South Africa vs Wales – Saturday, July 9th – Bloemfontein
It’s perhaps a surprising Springbok selection, and some may say favors Wales hands down, but we’d be a little more cautious in uttering such endorsements. One thing however is for certain, and that is that Wales haven’t read the preordained script for this tour as evidenced by their performance last weekend in Pretoria. Given the quality of the Springbok side that trotted out against them and recent Welsh form both in the Six Nations and the URC, a fairly comfortable whitewash was predicted. Instead, Wales made a genuinely decent fist of attempting to rewrite history and came within a hair’s breadth of causing the biggest upset of 2022. South Africa’s massive talent bank ultimately got the better of Wales at the death but boy did the Men in Red make them work for it. With a squad of lesser known players making up this weekend’s Springbok squad, many are predicting that fortune will favor Welsh bravery this Saturday in Bloemfontein. But just before we all get too carried away, let’s not forget that many of these South African players are very well acquainted with their Welsh opposite numbers through the URC where in the latter stages of the competition they clearly got the better of them. They may not be as familiar with the likes of those Welsh players who ply their trade in the English Premiership, but complete strangers to Welsh rugby they are not.
For South Africa the almost complete personnel change caught many of us by surprise. However, there are some rather impressive names in Saturday’s team sheet. While the front row especially in the shape of Hooker Joseph Dweba may struggle at times with a very capable Welsh offering, it’s still no sloucher when you’ve got guys like Thomas du Toit and Trevor Nyakane in the mix. It’s the second row where a big performance will be needed by Eben Etzebeth who seemed strangely quiet by his normally boisterous standards last weekend, in order to cover for what we feel is a definite weakness in the shape of Marvin Orie at Test level. That back row though is world class, even if question marks remain around Pieter-Steph du Toit’s fitness after a long run of injuries and if you’re not excited to see Stormers sensation Evan Roos make his Test debut then you probably only have a passing interest in our glorious game. Handre Pollard takes over the 10 jersey to restore some solidity in the half backs and Jaden Hendrikse gets his first start at 9. In the backs the only weakness we can see is Jesse Kriel in the centres, but we simply cannot wait for the F1 clash between pacesetters Aphelele Fassi for South Africa and Louis Rees-Zammit for Wales. We’re also excited to see Bulls second rower Ruan Nortje get a call to the bench.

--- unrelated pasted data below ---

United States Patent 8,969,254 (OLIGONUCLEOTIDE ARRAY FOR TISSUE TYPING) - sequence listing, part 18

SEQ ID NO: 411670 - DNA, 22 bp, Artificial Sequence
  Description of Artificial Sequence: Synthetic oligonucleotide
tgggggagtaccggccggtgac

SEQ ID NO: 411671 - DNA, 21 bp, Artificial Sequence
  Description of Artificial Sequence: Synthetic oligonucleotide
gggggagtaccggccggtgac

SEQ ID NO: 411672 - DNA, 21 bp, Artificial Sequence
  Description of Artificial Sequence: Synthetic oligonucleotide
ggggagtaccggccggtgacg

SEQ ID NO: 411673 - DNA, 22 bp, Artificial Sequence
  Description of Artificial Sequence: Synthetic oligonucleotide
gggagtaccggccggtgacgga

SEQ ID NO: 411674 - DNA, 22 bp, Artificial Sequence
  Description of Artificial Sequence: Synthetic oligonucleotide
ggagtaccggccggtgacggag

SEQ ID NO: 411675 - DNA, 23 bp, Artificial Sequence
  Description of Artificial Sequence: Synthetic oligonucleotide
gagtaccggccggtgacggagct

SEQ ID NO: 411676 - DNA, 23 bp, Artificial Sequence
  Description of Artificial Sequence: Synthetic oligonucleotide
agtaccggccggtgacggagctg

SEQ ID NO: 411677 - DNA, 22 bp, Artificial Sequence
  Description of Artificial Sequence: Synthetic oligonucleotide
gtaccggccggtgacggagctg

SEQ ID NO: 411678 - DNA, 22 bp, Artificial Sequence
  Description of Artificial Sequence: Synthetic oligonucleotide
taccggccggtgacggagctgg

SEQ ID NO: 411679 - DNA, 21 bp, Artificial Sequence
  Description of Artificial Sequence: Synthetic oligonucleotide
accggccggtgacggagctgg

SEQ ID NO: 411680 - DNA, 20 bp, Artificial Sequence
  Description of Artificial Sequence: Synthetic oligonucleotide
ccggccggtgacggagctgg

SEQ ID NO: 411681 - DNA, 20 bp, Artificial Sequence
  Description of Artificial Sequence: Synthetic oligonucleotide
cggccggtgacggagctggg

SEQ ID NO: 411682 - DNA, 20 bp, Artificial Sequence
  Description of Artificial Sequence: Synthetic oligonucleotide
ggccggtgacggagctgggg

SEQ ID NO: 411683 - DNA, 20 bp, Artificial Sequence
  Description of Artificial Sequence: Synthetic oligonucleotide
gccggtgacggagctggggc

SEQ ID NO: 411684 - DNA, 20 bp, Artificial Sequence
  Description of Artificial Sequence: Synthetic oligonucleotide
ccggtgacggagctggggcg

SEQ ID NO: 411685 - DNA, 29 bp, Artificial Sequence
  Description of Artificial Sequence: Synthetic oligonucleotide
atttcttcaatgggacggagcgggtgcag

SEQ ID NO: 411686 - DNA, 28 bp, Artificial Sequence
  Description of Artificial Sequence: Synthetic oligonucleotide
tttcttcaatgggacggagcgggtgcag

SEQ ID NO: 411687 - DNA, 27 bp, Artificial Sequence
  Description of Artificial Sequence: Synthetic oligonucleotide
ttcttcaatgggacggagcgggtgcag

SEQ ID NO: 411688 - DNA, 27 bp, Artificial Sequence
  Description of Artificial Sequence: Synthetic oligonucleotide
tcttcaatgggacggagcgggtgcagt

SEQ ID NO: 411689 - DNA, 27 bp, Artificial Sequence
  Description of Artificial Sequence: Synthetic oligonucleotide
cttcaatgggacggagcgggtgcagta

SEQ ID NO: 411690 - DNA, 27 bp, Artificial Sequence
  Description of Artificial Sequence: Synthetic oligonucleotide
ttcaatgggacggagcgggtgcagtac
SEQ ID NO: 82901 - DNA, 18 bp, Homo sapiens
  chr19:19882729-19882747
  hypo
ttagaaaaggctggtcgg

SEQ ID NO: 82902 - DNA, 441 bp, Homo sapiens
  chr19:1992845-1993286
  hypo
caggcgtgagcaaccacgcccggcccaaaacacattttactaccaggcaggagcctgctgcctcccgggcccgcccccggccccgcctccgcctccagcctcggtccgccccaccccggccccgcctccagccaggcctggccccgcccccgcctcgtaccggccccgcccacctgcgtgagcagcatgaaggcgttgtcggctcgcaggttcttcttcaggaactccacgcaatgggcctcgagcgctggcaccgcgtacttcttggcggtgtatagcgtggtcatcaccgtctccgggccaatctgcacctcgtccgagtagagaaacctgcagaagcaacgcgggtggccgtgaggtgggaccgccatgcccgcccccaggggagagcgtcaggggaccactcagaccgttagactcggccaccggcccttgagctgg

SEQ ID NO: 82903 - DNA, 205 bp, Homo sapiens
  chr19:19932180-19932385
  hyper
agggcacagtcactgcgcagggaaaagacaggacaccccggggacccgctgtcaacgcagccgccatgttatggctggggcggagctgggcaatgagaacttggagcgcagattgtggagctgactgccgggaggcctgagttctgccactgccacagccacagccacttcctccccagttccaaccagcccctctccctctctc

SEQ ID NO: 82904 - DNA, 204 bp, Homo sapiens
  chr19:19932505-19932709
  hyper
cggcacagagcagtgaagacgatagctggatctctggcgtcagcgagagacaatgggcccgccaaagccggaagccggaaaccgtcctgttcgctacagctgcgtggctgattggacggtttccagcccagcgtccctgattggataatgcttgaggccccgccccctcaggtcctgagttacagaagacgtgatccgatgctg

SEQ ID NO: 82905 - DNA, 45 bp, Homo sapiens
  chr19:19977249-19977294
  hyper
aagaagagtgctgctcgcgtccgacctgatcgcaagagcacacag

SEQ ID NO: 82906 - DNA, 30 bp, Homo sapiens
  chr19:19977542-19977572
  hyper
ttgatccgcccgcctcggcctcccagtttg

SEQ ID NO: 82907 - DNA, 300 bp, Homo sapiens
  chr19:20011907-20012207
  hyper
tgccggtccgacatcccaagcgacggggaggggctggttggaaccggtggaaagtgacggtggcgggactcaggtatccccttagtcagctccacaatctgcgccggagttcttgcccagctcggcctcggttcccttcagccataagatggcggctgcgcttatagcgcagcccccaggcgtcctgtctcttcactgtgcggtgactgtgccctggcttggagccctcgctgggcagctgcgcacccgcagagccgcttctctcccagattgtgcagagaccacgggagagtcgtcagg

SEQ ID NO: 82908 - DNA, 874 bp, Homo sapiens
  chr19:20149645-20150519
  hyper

For Wales, they’ve decided to stick with the squad that so admirably tore up the script last weekend in Pretoria. We were particularly impressed with the efforts of second rower Will Rowlands who seemed completely unfazed by the Springbok power duo he was up against and the Welsh back row of Taulupe Faletau, Tommy Refell and Dan Lydiate seemed to be thoroughly enjoying their outing on the highveld. Kieran Hardy needs to be a little more accurate in his deliveries at scrum half, and Dan Biggar must focus more on his excellent game management and less on his histrionics with the officials. We are a little surprised to see Josh Adams relegated to the bench in favor of Alex Cuthbert, and the first half will soon tell if this was the right call by Coach Wayne Pivac. It’s a very able Welsh bench that can certainly lend some weight and finishing when needed in the final quarter led by their talismanic former Captain Alun Wyn-Jones.
There is no doubt that Wales are in this one with more than just a fighting chance, but these greener Springboks are no slouches and as we saw in the URC underestimate them at your peril. There is enough talent and experience in this Springbok squad to get the younger bucks through the crunch moments. Wales clearly smell blood and fancy their chances, but although the press back home in Wales may not respect this Springbok selection, the players themselves are suffering from no such illusions. This should be a heady Test match that is more than capable of going down to the wire once more. The only certain thing about this game is that it’s almost impossible to predict and as a result could well be the most exciting game of the weekend. After writing this series off, it’s now the one we can’t drag ourselves away from!